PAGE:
Are Supplements a Necessary Component of a Balanced Diet?

in addition to vitamins and supplements, consider the role of water for your overall health

By Michael Ormsbee, PhDFlorida State University
Edited by Kate Findley and proofread by Angela Shoemaker, Wondrium Daily

Is taking a multivitamin or supplement essential to our health? According to Professor Ormsbee, it depends. Here’s what you should keep in mind.

multivitamins and fruits on table
Researchers have found that people who take vitamins and supplements also tend to be people who eat a healthier diet. Photo by Lallapie/Shutterstock

Should You Take a Supplement?

Although eating a diet of more nutritious, colorful, and varied whole food sources is ideal, we need to be realistic. Given the prevalence of vitamin and mineral deficiencies, you may be wondering if you should take vitamin or mineral supplements.

Researchers have looked into supplement use within normal and obese individuals. Not surprisingly, many studies have found that people who take multivitamin and multimineral supplements had lower prevalence of inadequate vitamin and mineral intake.

In most cases, though, supplement users were actually more likely to have a healthy diet compared to non-users. It may be that the habit of using a multivitamin is more likely to be done by people who have other healthy habits. 

“But based on this information, and my own personal experience with clients, I would say that quite a few people would benefit from taking a multivitamin, or a multimineral supplement,” Professor Ormsbee said. “Many clients that I work with who believe they’re eating very well show up with deficiencies once I analyze their diets and look over their blood work.”

Deficiencies and Diet

However, supplementation will not fix a broken diet. Aim for a highly nutritious diet first, and then use supplements as the name implies—to supplement that diet. 

Also, the recommended intakes for vitamins and minerals were established to only prevent deficiencies. They don’t consider the achievement of optimal health or body composition. 

Do you want to be simply not deficient? Or do you want to be optimal in your micronutrient intake? These are the questions to consider when pondering the “should I supplement?” question. 

You may want to think about how many times you eat per day, what quality of food you generally eat, what medications you take, and how much exercise you normally do on a daily basis to determine if supplementation will help you. Then, discuss these factors and concerns with your doctor to decide what is right for you.

In the end, vitamins and minerals play a huge role in your overall health, how you feel, and what your body composition is or will become. Water is also essential for optimal health and body composition. 

Hydration and Health

You probably know that you need to hydrate, but many people walk around with less than adequate hydration levels. In fact, one study reported that over half of professional basketball players were under-hydrated before the game, and that’s in professional athletes. 

Water helps to transport all of the nutrients you consume and helps move metabolic waste products out of your body. Water also plays a huge part in the regulation of body temperature, particularly with exercise.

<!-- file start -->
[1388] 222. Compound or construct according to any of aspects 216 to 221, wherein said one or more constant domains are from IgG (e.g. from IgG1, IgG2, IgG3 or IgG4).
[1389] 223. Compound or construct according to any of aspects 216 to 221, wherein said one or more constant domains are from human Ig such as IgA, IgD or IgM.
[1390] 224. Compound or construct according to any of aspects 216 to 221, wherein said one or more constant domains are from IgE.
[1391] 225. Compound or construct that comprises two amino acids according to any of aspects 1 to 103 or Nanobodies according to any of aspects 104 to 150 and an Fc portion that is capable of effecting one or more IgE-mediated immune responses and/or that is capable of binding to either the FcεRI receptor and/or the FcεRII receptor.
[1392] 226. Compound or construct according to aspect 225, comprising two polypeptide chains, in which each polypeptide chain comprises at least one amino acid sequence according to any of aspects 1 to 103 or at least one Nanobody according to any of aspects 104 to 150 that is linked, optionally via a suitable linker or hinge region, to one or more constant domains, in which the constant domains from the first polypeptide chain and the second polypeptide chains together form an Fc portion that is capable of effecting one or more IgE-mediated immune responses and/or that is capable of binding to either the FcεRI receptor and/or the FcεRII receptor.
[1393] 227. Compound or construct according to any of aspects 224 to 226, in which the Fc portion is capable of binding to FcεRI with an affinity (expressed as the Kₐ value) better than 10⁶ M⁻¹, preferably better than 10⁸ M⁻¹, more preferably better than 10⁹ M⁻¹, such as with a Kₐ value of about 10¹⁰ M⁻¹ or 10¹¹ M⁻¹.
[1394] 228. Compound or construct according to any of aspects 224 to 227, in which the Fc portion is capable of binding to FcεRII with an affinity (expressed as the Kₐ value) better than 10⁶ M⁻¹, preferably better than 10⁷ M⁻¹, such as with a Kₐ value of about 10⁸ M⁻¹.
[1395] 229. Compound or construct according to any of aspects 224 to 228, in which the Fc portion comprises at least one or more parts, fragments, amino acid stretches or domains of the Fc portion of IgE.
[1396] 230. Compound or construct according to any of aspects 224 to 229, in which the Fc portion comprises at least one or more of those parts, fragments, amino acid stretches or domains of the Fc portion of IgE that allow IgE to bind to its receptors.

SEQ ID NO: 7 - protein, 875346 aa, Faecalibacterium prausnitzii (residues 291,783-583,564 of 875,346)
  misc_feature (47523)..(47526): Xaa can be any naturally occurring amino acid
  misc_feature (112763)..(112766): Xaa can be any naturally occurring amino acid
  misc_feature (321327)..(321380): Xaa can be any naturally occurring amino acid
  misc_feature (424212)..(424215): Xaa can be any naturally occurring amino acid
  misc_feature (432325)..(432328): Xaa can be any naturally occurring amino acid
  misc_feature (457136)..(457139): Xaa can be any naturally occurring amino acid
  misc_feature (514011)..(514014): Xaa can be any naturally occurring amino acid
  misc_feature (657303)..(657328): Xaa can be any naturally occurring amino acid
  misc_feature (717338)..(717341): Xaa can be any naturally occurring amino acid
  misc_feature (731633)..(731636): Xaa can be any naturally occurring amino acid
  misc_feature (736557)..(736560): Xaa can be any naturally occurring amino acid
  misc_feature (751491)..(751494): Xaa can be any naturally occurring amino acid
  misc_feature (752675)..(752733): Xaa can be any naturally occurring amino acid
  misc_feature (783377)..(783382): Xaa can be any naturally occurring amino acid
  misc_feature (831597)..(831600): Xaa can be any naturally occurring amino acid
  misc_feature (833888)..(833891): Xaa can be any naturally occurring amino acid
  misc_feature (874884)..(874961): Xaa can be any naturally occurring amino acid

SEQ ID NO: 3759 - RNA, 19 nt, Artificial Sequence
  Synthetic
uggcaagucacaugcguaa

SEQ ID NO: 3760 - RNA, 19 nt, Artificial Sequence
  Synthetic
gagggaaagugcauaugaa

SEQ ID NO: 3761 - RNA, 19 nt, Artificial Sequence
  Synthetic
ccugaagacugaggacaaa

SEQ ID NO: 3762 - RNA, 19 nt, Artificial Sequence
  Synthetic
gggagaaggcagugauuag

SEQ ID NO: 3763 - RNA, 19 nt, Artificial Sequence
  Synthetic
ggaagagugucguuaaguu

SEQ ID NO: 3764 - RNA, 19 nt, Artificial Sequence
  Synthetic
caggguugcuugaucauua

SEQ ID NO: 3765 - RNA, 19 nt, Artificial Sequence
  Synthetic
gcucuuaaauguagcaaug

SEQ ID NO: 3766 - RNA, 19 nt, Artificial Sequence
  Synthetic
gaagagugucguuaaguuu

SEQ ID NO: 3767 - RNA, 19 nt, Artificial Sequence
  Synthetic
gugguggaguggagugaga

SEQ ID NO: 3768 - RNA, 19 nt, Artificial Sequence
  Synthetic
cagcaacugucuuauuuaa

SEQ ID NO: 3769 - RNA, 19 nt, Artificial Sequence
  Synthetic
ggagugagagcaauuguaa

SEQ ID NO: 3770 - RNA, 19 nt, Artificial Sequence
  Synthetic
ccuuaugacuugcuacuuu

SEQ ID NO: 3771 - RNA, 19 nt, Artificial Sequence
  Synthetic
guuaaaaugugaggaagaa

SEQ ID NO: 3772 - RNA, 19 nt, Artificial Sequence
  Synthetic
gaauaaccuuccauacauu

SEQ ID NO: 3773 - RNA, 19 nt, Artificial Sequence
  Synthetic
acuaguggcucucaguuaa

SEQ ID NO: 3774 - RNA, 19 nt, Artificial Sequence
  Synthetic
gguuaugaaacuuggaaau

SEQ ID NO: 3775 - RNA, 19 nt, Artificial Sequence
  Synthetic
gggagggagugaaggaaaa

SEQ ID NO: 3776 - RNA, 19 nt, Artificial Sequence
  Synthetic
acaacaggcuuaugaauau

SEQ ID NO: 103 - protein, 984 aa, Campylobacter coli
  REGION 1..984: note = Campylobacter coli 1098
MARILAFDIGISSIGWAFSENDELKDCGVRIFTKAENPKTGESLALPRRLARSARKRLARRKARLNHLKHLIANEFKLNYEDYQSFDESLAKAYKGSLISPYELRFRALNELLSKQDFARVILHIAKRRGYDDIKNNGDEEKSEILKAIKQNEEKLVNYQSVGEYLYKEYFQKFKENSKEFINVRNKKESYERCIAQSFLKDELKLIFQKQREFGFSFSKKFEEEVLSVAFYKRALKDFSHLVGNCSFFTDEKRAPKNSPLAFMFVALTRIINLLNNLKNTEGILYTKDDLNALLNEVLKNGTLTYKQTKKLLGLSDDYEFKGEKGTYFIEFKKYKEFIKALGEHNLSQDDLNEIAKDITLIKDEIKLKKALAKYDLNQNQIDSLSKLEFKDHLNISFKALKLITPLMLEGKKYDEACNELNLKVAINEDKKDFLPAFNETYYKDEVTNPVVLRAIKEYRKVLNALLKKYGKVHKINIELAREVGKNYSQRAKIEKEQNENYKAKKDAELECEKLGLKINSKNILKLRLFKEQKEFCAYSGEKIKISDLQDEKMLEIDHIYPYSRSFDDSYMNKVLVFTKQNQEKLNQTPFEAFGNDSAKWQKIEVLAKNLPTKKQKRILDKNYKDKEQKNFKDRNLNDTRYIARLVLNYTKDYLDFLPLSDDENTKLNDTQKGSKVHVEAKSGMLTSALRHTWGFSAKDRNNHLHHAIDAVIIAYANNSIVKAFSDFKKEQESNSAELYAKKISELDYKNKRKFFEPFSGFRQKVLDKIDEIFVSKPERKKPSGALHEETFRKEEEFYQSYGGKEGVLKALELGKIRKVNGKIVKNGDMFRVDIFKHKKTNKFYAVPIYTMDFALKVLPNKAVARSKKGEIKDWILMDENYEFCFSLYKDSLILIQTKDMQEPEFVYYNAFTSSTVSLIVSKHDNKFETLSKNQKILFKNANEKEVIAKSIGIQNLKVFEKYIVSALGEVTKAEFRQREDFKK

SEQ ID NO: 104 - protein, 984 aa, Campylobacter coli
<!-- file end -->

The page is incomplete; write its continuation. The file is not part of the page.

The list goes on and on for water, so be sure you drink up and aim for about 8–10 cups, or 2 liters of water per day in addition to eating plenty of fruits and vegetables, which are loaded with water. It may make you get up more to use the bathroom, but that’s actually a really healthy side effect to drinking water regularly—more physical activity.

However, you can also drink too much water. This is called hyponatremia, which means low sodium—this can occur when you drink so much water that it actually dilutes, or literally waters down, the sodium in your body. 

This can cause nausea, vomiting, fatigue, neuromuscular issues like cramps and muscle spasms, and even sometimes events like coma or death. Another note is that if you exercise a lot, the fluid recommendations get much more detailed, so ask a professional if you feel like you need more specific information. 

Simply monitoring your urine color can help. Aim for a light yellow color—too clear or too dark a urine color should be avoided.

Overall, you should aim to consume more nutrient-dense foods like vegetables, fruits, and whole grains, stay active, and take a multivitamin supplement. It is a balance that we are all striving for—optimal health, optimal nutrition, and optimal body composition. Additionally, practice drinking eight to 10 cups of water per day, and monitor your urine color.

This article was edited by Kate Findley, Writer for Wondrium Daily, and proofread by Angela Shoemaker, Proofreader and Copy Editor for Wondrium Daily.
Dr. Ormsbee is an Associate Professor in the Department of Nutrition, Food, and Exercise Sciences and Interim Director of the Institute of Sports Sciences and Medicine in the College of Human Sciences at Florida State University.

Michael Ormsbee is an Associate Professor in the Department of Nutrition, Food, and Exercise Sciences and Interim Director of the Institute of Sports Sciences and Medicine in the College of Human Sciences at Florida State University. He received his MS in Exercise Physiology from South Dakota State University and his PhD in Bioenergetics from East Carolina University.